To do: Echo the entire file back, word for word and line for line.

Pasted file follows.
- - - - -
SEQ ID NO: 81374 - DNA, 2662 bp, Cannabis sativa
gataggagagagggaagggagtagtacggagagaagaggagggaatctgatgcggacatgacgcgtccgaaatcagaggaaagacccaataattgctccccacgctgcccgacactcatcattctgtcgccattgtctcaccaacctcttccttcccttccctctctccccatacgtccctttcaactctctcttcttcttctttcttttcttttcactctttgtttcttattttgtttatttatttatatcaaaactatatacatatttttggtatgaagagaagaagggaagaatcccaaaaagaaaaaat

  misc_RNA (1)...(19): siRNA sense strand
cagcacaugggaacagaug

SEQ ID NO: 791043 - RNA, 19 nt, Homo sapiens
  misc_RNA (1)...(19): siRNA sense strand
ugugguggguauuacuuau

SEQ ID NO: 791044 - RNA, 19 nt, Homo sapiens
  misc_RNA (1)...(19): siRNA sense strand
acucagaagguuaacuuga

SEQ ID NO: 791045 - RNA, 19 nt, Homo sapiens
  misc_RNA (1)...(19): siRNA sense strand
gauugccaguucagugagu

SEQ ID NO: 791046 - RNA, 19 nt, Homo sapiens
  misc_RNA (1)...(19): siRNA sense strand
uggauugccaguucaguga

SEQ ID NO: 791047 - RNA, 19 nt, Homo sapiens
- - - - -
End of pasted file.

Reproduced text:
SEQ ID NO: 81374 - DNA, 2662 bp, Cannabis sativa
gataggagagagggaagggagtagtacggagagaagaggagggaatctgatgcggacatgacgcgtccgaaatcagaggaaagacccaataattgctccccacgctgcccgacactcatcattctgtcgccattgtctcaccaacctcttccttcccttccctctctccccatacgtccctttcaactctctcttcttcttctttcttttcttttcactctttgtttcttattttgtttatttatttatatcaaaactatatacatatttttggtatgaagagaagaagggaagaatcccaaaaagaaaaaat

  misc_RNA (1)...(19): siRNA sense strand
cagcacaugggaacagaug

SEQ ID NO: 791043 - RNA, 19 nt, Homo sapiens
  misc_RNA (1)...(19): siRNA sense strand
ugugguggguauuacuuau

SEQ ID NO: 791044 - RNA, 19 nt, Homo sapiens
  misc_RNA (1)...(19): siRNA sense strand
acucagaagguuaacuuga

SEQ ID NO: 791045 - RNA, 19 nt, Homo sapiens
  misc_RNA (1)...(19): siRNA sense strand
gauugccaguucagugagu

SEQ ID NO: 791046 - RNA, 19 nt, Homo sapiens
  misc_RNA (1)...(19): siRNA sense strand
uggauugccaguucaguga

SEQ ID NO: 791047 - RNA, 19 nt, Homo sapiens